5 mins

Blog of the Week: The elusive tigers of Ranthambore

World travellers Bill Gent and Diana Russler spend a week in India's Ranthambore nature reserve tracking down its elusive tigers

Ranthambore Tiger (Bill Gent)

To see an animal in its natural habitat is a privilege. To see a Bengal tiger in the wild is almost a mystical experience! Yet, with only about 3,000 of these magnificent creatures left, the likelihood of seeing one outside a zoo diminishes with each passing day.

The only places where you can see Bengal tigers in their natural habitats are in the protected preserves in India. Ranthambore Tiger Preserve in Rajasthan is home to about 27 tigers, and it is here that we come on a Natural Habitat Adventure company expedition for a unique opportunity to photograph the world’s largest cat.

This 200 square mile park between Agra and Jaipur was once a royal hunting ground for the Maharajahs of Jaipur. Remains of ancient Mughul structures are scattered around the area, remnants of a bygone era. Following India’s independence, the area was set aside as a wildlife sanctuary and has been a focus of tiger preservation since the 1970s.

We visit Ranthambore in the middle of summer (April–June). Temperatures top 100 degrees Fahrenheit every day, and the preserve is seared dry by the relentless sun. As water becomes scarce, tigers often can be found, in early morning and late afternoon, somewhere near one of the few remaining waterholes. However, with such small numbers left, your chances of seeing a tiger, even in a preserve, are largely a factor of luck and the skill of your tracker guide.

We spend four days exploring the park. There are eight trails across the portion of the preserve that is open to visitors. To minimise the impact on the environment, strict controls limit the number of vehicles and visitors allowed at any given time. Routes are allocated on a lottery system with only eight vehicles permitted on each route during the early morning and late afternoon time slots.

Bouncing in an open-topped jeep over dirt tracks and dried out, boulder-strewn, riverbeds, our guide stops periodically to look for pugmarks in the soft sand or to listen for the alarm calls of the sambar deer and langur monkeys that signal a tiger on the move. Sometimes we sit for almost an hour in the torrid heat, scanning the dried grass for movement. Searching for tigers is certainly an exercise in patience, endurance and fortitude!

One afternoon a tiger is sighted in a cave! Great excitement ensues! We sit waiting for the great beast, known as T-6, to wake up from its slumbers. Before long it stands, stretches and begins a slow pad out of the cave, down a rocky incline. It is no more than 15 feet from where our jeep is parked. Apparently nonplussed by its appreciative audience, the tiger slowly strolls up a hill, through a meadow and into a grove of trees. Periodically, it stops in the shade for a few minutes, surveying the land, before setting off again. Its destination is a small water hole at the base of a rocky outcrop.

Sniffing the air around him, the almost 600lb animal walks into the pool where he lies down up to his neck! It is a lovely way to cool down in the blistering heat! For about 40 minutes the tiger lolls around, periodically lapping the water to quench his thirst. He appears oblivious to the people watching his every move, cameras clicking away in rapid-fire to catch the twitch of a whisker or the sight of a canine! However, make no mistake! These are wild animals. A snap of a twig will bring the tiger to full attention, scouting the landscape for any potential threat or for its next meal.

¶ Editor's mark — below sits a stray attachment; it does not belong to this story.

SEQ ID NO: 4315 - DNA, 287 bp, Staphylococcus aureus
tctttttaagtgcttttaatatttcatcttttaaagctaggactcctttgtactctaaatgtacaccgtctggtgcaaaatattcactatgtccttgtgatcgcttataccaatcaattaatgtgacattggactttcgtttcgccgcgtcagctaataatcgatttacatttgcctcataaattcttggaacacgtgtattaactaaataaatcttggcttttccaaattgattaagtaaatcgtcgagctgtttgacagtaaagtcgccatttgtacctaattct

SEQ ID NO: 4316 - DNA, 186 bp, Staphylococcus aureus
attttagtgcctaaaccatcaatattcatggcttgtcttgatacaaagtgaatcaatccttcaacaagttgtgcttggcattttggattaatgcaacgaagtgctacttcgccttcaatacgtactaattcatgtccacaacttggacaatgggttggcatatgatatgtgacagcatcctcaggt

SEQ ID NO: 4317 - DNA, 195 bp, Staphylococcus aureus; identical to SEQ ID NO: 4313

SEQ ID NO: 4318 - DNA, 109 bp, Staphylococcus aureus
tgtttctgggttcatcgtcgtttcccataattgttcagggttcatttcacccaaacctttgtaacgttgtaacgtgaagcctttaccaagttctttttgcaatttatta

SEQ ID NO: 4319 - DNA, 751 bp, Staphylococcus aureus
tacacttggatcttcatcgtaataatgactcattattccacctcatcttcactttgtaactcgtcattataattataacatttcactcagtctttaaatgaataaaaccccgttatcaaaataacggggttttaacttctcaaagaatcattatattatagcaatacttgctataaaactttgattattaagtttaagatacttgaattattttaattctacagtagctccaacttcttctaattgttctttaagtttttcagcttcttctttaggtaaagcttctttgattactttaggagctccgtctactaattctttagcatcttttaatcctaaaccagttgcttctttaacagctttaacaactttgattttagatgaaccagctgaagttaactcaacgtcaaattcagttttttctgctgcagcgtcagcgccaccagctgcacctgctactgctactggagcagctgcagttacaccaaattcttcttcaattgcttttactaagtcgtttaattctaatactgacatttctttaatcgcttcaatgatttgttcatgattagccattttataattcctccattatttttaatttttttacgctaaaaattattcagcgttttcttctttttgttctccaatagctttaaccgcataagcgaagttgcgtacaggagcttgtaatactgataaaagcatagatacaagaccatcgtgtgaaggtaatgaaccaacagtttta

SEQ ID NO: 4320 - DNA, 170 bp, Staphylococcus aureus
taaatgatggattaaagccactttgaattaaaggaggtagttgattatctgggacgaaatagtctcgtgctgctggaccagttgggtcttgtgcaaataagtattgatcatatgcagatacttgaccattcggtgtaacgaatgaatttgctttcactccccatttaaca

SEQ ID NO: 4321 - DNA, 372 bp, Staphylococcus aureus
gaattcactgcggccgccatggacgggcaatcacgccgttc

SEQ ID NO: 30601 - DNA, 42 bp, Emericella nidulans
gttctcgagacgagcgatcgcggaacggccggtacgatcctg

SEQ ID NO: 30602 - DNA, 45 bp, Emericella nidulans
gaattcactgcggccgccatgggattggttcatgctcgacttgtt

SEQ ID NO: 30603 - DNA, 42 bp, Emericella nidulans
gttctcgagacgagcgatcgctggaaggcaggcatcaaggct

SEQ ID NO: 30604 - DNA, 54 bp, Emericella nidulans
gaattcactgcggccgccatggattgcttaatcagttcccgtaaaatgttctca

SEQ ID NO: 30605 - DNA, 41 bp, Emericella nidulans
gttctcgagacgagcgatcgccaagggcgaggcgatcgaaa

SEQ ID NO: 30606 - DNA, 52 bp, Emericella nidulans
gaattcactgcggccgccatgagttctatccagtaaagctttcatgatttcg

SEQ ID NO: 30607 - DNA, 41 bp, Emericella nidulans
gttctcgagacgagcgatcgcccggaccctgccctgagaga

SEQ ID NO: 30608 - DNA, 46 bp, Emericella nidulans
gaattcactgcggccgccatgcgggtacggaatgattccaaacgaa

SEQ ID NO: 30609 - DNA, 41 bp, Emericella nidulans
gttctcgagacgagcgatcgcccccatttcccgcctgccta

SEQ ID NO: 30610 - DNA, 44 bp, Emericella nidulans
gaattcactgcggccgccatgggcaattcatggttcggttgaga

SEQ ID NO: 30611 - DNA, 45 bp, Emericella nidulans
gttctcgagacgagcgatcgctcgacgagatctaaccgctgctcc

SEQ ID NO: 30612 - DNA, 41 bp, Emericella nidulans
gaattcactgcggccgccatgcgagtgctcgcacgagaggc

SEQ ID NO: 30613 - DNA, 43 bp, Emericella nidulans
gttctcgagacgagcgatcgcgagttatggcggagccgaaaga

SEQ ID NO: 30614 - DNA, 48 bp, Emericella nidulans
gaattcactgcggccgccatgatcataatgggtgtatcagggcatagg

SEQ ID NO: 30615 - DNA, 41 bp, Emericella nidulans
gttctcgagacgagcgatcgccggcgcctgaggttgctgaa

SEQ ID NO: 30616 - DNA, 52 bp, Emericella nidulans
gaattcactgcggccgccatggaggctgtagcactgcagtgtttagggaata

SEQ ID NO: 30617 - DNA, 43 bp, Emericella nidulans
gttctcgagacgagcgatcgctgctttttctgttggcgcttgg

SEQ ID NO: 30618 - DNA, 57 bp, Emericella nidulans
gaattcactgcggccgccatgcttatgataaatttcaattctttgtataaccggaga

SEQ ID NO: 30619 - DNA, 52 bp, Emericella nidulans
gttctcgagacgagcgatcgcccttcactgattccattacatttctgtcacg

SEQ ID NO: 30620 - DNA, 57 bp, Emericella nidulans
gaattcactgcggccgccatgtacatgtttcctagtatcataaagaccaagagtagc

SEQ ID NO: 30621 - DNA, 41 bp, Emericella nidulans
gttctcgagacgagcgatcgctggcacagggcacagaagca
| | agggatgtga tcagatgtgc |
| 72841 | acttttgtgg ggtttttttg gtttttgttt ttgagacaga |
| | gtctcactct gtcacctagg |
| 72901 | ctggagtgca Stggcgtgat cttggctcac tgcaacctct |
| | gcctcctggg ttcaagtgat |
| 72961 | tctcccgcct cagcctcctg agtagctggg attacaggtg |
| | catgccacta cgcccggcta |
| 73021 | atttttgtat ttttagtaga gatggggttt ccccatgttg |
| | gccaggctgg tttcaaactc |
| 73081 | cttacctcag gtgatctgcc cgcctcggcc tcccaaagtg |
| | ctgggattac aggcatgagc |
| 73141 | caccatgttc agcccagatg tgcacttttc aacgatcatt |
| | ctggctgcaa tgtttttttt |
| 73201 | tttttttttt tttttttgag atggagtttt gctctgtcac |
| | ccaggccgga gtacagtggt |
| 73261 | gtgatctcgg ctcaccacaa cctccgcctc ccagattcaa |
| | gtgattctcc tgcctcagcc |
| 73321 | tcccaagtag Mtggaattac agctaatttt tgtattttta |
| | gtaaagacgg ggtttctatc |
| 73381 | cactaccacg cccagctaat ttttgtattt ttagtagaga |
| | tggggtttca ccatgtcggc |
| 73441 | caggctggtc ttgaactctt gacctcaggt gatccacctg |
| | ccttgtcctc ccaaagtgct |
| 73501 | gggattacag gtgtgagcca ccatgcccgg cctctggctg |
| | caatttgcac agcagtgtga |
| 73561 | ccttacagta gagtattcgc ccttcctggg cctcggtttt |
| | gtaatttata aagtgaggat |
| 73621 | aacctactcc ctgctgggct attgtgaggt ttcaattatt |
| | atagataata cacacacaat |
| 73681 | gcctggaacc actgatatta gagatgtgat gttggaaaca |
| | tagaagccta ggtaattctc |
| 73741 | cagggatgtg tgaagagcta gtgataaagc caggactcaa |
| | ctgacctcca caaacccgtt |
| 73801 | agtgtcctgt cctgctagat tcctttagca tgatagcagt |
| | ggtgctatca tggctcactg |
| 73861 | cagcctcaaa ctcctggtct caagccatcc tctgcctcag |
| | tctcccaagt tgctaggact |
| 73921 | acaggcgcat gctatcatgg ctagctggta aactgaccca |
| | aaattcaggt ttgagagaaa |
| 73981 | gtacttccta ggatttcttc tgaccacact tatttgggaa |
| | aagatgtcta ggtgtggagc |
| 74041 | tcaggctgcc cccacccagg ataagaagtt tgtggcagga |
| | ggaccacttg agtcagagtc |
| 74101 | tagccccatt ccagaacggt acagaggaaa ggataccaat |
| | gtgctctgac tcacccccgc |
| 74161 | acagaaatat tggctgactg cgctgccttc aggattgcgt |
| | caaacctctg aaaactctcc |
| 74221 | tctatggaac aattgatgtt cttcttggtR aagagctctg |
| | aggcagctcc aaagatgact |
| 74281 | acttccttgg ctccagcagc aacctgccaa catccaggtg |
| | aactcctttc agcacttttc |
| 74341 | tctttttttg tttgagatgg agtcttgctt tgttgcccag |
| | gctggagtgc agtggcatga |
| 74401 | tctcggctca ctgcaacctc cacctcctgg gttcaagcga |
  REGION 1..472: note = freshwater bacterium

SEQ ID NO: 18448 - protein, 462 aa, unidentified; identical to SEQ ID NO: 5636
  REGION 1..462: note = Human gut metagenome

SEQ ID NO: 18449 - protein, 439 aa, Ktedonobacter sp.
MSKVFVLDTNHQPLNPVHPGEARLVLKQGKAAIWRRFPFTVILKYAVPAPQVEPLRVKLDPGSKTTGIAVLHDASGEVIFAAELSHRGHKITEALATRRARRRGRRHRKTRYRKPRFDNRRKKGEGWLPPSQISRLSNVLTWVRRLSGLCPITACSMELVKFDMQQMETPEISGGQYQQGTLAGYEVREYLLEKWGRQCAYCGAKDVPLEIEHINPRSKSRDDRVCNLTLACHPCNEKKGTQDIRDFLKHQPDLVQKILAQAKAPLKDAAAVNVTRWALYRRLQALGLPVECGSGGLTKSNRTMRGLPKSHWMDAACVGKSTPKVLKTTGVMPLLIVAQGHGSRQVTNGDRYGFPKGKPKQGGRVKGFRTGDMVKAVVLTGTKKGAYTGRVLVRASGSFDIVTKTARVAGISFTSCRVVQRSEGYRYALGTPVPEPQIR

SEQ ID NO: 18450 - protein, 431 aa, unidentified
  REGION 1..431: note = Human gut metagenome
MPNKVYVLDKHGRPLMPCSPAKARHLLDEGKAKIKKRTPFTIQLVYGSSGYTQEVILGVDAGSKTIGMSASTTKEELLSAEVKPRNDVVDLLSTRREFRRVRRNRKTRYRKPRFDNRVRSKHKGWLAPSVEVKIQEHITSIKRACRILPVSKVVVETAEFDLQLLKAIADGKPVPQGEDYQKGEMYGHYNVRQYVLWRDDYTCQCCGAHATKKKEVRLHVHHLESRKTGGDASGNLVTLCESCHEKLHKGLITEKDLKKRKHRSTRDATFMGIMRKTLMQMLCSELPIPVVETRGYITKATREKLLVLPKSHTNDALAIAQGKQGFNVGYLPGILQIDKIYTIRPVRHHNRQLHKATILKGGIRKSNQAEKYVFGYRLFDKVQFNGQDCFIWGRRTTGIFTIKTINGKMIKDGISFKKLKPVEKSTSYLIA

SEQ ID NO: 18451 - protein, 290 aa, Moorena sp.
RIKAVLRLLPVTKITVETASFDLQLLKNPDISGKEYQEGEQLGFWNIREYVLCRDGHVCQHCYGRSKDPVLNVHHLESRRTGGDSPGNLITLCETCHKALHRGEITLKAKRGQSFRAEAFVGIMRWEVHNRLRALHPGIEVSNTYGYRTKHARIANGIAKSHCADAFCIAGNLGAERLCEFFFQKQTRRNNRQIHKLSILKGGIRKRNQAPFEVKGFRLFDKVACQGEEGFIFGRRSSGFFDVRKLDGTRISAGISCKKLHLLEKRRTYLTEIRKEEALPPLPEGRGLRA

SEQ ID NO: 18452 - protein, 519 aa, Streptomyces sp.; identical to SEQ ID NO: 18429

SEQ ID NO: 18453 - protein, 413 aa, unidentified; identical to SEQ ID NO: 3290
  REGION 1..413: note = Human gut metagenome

His bath finished, the tiger plods through the water, looking over his shoulder as if to say, “That’s it! Showtime’s over!” He shakes the moisture off his magnificent orange-striped coat, and wanders into the undergrowth where we lose him.

The next morning, we are fortunate to find T-24, a seven-year old male tiger, lying in another waterhole under a large tree. Several days earlier, a crocodile in the same waterhole, had killed a spotted deer that was lying, bloated, near the water’s edge. The tiger probably has stolen the kill and stashed it nearby. Gracefully picking his way over the stones, T-24 walks out of the pond and through the grass to a second waterhole where he stops for a long drink. We follow him as he crosses a rocky outcrop bordering a small stream, to his cave. The stench of decay that seems to envelope him – in all likelihood the result of rolling in the kill – wafts across the stream.

As the wind picks up and whistles through the cave, the tiger looks around quizzically, as if to say, “Where’s that smell coming from?” Then, he proceeds to wash himself from head to toe before plopping down for his midday sleep.

We see tigers only twice on the seven game rides we take over our four days in Ranthambore, a testament to the elusiveness of this iconic animal. Although there is hope that in the coming months there will be more tiger sightings because of the high number of cubs born this spring, the tiger is far from safe. Poaching for tiger skins and tiger parts used for medicinal purposes in China and the Far East continues to decimate the tiger population. What a tragedy it will be if these magnificent animals disappear from their natural habitat!

Bill and DianaDiana Russler and Bill Gent | Allegria Travels

Bill and Diana spent 30 years working for national and international companies. Now they are pursuing their twin passions of travel and photography. Allegria Travels chronicles their adventures.

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